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A question for the published

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  • Symson
    Well said jsmith0316.

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  • jsmith0316
    That's about what I expected to hear. However I wanted to ask the question. I don't like basing my decisions off of assumption. I'm glad I asked the question as well because I certainly never intend to offend an artist with an offer.

    I don't understand how anyone can work for profits. I've noticed it takes an artist anywhere from 5-10 hours per page. Put that together with 22 pages and you're looking at very nearly a full time job (to finish one issue per month anyways). Obviously, as you stated, you can't guarantee that you will do well, but you will still have a deadline to meet before you can find out.

    I completely understand wanting to work on your own material. Obviously it's the choice anyone would make, however I have a hard time believing every talented artist is also a talented writer. If that were the case there would be no comic writers... what would be the point? The problem is that writing is a lot like singing, everybody who does it thinks they're great. It's why in traditional writing they say that if you have the basics of the English language down you've already beat out 85 percent of submissions. If you can also tell a good story you've beat another 10%, placing you in the top 5%. I've read this (or something like it) from multiple articles written by editors.

    For me, the fact is that I could be turning this into a novel, and it would probably be a lot easier path for me as I've already had some success as a traditional writer. I could write it as a script and have a damn good chance of seeing it go somewhere as I have a friend that just finished his first feature length who has wanted me to turn it into a script since he heard the idea. That's not what the story this is though.

    I guess my best shot is too keep doing what I'm doing and if it doesn't work out then I'll pay an artist when the time comes that I can do that. It's not that I'm unwilling to pay an artist. I am completely willing to invest in this project. However, in the last six months if I have had money in my bank account it's because I didn't pay a bill. My concern isn't making huge amounts of money. My concern is getting picked up by one of the smaller companies and then not being able to make deadlines because I have to keep working 50 hours a week to pay the bills, because I don't care how much fire I have, fire won't pay the bills. Though it may heat the apartment in the winter.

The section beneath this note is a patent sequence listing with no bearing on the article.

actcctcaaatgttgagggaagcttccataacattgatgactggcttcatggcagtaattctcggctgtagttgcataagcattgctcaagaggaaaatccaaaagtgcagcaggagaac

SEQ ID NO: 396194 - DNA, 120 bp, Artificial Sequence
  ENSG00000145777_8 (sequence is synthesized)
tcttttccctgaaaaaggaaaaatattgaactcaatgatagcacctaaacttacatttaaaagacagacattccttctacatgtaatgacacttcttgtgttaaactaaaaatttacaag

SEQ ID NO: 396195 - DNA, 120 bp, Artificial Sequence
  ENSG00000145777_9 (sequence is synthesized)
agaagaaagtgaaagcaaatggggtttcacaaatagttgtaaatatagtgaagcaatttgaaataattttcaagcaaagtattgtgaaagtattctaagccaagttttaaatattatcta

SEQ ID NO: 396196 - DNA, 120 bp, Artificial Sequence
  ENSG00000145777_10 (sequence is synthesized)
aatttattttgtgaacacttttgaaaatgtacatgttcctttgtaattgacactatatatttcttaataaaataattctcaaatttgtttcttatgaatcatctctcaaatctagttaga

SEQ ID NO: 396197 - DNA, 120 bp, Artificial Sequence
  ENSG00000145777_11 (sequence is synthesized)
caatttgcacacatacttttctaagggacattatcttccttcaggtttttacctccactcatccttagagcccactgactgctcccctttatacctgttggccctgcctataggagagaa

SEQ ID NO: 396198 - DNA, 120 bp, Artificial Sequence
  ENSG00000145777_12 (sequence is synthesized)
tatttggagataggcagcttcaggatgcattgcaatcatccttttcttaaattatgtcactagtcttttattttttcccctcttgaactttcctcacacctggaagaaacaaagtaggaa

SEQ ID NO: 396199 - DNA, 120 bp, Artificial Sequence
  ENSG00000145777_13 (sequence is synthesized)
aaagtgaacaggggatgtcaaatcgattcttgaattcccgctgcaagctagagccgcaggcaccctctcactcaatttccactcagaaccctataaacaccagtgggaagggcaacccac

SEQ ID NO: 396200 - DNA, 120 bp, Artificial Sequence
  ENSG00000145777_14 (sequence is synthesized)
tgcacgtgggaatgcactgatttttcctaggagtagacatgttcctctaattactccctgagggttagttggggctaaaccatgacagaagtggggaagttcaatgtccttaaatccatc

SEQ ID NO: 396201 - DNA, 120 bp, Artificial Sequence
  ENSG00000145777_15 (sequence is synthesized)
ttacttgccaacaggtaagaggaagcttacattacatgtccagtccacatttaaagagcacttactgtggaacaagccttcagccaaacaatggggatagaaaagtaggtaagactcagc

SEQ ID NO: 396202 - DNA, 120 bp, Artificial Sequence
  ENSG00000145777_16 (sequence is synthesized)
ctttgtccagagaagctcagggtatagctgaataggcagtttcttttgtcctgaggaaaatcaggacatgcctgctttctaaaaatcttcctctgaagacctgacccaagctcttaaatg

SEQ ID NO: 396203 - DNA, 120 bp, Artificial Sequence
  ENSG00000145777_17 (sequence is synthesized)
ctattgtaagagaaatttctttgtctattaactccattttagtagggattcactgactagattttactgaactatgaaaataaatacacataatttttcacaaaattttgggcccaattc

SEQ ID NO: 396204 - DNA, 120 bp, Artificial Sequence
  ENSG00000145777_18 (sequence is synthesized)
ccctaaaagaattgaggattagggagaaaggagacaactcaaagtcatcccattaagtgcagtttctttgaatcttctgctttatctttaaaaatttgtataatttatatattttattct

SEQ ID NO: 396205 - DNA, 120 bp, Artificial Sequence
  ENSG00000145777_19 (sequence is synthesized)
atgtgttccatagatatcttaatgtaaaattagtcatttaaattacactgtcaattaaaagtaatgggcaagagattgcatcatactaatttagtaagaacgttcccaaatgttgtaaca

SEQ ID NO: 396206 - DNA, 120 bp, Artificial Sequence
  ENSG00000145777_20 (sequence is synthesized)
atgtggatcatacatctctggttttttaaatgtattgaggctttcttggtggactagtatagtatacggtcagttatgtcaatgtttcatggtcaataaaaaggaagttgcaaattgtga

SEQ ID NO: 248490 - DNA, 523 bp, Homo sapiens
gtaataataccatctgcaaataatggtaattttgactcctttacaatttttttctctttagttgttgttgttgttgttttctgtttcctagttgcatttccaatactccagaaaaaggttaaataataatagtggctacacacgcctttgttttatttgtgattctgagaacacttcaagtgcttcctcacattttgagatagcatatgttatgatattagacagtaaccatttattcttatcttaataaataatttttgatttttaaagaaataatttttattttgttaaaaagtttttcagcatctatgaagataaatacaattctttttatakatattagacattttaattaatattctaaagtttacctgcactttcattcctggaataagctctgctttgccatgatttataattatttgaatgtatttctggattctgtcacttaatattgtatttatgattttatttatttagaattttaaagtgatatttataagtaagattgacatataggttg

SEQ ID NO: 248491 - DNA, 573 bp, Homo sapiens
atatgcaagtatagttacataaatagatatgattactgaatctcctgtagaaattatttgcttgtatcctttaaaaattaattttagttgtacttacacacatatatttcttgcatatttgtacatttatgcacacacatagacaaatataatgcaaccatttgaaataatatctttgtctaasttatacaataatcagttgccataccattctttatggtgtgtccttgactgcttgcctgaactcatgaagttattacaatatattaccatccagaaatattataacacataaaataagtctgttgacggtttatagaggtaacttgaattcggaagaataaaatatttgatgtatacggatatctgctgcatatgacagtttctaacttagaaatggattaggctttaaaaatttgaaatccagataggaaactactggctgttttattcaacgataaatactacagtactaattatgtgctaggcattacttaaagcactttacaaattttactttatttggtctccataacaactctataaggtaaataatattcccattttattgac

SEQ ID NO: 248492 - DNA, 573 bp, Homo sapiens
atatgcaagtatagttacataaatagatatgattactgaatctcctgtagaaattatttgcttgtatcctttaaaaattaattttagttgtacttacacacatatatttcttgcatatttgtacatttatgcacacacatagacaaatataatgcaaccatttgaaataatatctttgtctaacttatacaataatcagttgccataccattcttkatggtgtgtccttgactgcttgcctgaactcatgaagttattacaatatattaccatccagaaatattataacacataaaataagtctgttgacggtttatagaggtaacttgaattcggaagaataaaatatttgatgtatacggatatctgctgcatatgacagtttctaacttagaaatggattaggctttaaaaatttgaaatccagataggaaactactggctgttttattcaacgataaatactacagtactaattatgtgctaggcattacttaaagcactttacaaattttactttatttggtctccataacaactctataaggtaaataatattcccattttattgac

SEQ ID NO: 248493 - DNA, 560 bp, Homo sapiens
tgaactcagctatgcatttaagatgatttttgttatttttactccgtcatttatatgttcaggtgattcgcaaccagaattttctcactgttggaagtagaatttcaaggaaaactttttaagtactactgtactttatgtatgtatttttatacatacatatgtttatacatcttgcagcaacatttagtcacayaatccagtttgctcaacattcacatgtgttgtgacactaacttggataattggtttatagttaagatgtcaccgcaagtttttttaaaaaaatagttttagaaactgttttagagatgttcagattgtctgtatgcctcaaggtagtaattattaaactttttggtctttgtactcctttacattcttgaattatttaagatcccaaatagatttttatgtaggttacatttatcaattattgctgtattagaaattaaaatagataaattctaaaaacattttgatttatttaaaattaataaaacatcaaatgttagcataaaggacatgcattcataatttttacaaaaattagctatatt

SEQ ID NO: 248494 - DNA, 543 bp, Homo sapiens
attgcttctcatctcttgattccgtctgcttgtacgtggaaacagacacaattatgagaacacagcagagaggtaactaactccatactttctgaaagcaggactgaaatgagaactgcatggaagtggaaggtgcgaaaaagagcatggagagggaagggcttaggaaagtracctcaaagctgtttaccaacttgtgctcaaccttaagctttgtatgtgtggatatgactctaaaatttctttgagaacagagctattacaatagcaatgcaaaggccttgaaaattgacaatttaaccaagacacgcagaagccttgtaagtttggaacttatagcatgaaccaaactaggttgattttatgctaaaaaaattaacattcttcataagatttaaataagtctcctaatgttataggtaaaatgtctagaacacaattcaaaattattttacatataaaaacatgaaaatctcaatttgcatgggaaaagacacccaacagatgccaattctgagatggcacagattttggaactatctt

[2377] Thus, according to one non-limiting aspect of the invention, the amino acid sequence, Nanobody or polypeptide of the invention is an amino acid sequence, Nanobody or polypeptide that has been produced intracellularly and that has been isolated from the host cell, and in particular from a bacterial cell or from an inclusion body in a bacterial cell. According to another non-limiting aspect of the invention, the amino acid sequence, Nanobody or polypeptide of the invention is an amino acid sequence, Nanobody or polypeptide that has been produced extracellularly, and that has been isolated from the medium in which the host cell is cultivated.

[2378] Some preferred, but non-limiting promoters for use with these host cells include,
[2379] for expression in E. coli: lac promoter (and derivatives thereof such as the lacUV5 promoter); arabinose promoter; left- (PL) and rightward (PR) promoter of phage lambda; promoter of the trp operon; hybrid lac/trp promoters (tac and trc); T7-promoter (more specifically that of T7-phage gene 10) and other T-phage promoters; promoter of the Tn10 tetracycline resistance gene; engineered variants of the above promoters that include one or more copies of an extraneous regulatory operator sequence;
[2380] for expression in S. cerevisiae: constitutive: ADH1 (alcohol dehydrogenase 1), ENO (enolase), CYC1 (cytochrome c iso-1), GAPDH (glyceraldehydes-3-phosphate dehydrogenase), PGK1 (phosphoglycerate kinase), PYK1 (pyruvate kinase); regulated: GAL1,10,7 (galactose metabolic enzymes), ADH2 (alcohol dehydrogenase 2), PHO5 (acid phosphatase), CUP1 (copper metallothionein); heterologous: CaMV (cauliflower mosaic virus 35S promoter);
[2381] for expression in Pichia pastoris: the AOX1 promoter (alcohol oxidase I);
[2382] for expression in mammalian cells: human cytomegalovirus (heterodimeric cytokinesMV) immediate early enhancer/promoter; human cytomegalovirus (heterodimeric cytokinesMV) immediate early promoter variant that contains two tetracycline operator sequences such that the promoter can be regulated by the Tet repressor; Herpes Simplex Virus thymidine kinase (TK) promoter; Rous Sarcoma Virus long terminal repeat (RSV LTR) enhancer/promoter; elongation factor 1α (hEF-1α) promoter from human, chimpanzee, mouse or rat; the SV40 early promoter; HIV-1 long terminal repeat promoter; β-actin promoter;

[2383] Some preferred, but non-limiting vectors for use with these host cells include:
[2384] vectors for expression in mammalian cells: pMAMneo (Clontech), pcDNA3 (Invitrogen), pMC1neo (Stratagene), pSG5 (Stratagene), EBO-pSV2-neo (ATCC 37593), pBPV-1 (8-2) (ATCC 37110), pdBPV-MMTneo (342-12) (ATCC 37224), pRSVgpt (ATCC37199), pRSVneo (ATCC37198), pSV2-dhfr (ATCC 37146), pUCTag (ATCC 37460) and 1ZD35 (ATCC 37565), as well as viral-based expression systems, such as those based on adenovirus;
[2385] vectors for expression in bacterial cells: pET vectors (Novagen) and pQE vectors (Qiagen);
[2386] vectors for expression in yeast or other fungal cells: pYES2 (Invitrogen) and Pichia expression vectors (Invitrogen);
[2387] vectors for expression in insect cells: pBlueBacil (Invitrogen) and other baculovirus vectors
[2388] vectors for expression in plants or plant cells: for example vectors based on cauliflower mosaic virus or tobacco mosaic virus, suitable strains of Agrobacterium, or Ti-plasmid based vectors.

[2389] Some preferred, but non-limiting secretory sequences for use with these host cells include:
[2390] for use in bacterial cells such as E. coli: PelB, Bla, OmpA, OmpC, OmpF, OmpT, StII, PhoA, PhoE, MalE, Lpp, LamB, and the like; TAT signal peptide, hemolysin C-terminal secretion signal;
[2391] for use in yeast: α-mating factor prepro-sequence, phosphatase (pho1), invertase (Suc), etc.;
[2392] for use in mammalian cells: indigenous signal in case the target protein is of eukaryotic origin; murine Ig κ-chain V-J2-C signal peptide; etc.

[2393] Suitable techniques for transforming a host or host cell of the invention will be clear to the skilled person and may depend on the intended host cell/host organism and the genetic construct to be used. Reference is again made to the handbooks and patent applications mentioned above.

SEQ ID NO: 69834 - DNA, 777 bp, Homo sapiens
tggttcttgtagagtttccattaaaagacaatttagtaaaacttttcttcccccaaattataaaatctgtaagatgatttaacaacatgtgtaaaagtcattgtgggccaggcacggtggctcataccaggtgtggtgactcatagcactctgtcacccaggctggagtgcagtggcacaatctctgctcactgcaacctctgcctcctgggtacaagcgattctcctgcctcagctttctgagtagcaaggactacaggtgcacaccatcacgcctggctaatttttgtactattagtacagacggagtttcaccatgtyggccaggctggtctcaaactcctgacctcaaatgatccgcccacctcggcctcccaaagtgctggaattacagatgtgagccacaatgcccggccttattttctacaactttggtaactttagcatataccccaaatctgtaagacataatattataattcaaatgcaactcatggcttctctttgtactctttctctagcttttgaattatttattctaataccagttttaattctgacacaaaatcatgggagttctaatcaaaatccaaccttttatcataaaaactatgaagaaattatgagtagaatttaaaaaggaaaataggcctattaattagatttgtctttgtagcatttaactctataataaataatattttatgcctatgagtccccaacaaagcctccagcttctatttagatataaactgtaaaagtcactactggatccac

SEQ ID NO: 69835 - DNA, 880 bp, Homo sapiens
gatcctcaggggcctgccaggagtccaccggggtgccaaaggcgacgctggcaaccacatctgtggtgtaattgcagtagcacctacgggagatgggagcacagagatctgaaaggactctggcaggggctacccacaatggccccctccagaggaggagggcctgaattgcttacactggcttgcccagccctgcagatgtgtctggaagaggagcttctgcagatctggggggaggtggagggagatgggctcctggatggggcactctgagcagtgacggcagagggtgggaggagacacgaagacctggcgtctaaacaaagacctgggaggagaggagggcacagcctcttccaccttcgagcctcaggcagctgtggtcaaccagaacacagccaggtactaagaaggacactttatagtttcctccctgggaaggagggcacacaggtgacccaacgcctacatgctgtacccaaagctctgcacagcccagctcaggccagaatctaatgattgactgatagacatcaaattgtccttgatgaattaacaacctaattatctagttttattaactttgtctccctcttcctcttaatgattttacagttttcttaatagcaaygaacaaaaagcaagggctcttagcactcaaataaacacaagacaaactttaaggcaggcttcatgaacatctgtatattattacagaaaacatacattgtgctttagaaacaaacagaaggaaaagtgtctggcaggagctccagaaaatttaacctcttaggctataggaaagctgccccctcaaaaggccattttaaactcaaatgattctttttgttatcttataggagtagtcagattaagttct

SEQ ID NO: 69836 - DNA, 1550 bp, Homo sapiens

But do I have the fire? Hell yeah I do. Just as important though I am chalk full of it. Dreams matter. Without dreams this industry (and any other creative industry) will chew you up, spit you out, and grind your mush into the floor. Dreams are where the passion and fire come from. I truly believe that anyone who says, "hey, I don't care if I ever make it, I just enjoy doing it." is either lying, or never going to make it anywhere. Sure, I enjoy doing it, and it's an outlet that I need and wouldn't stop doing even if I never amounted to anything. It's the dream of seeing your novel or comic or whatever on the shelf in some store that brings a project from pipe dream to completion.

    It's the dream that gets it done. Otherwise we would all just be artist and writers tooling around on message boards for the rest of our lives, never really finishing anything because really, what's the point of finishing anything if you're just doing it for your personal pleasure? What's the point of ignoring that shiny new idea to trudge through the hard work of the old one?

    I'm someone with extremely intimate knowledge of this because I spent years thinking my dreams were impossible. I chased every new shiny idea, and when it got old, when it got hard, I moved on. Something changed a few years ago. I looked at my life and decided to dream again. I decided that everyone who told me it wasn't possible because of what I didn't have or how many other people wanted the same thing were wrong. The dreaming is what got me published and I won't ever let it go.

    Sorry... Kind of a bit of a rant there. I understand what you're saying with the full of it comment. No one is going to gamble their own welfare on anyone else's dreams. Some reason the phrasing struck a bit of a nerve.

    On a side note I have never been a selfish writer on this project (this is the only project that has been a team thing). I have no problems sharing rites and equally splitting all profits. I don't even have a problem with developing the comic along side the artist or even trading off writing duties for some issues. I have the main plot points for the entire series down, but other then that there is a lot of freedom left and a lot of story that could be worked on. I actually prefer a relationship like that, it gets me thinking outside of my head.
    Last edited by jsmith0316; 04-15-2010, 12:22 AM.

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  • Symson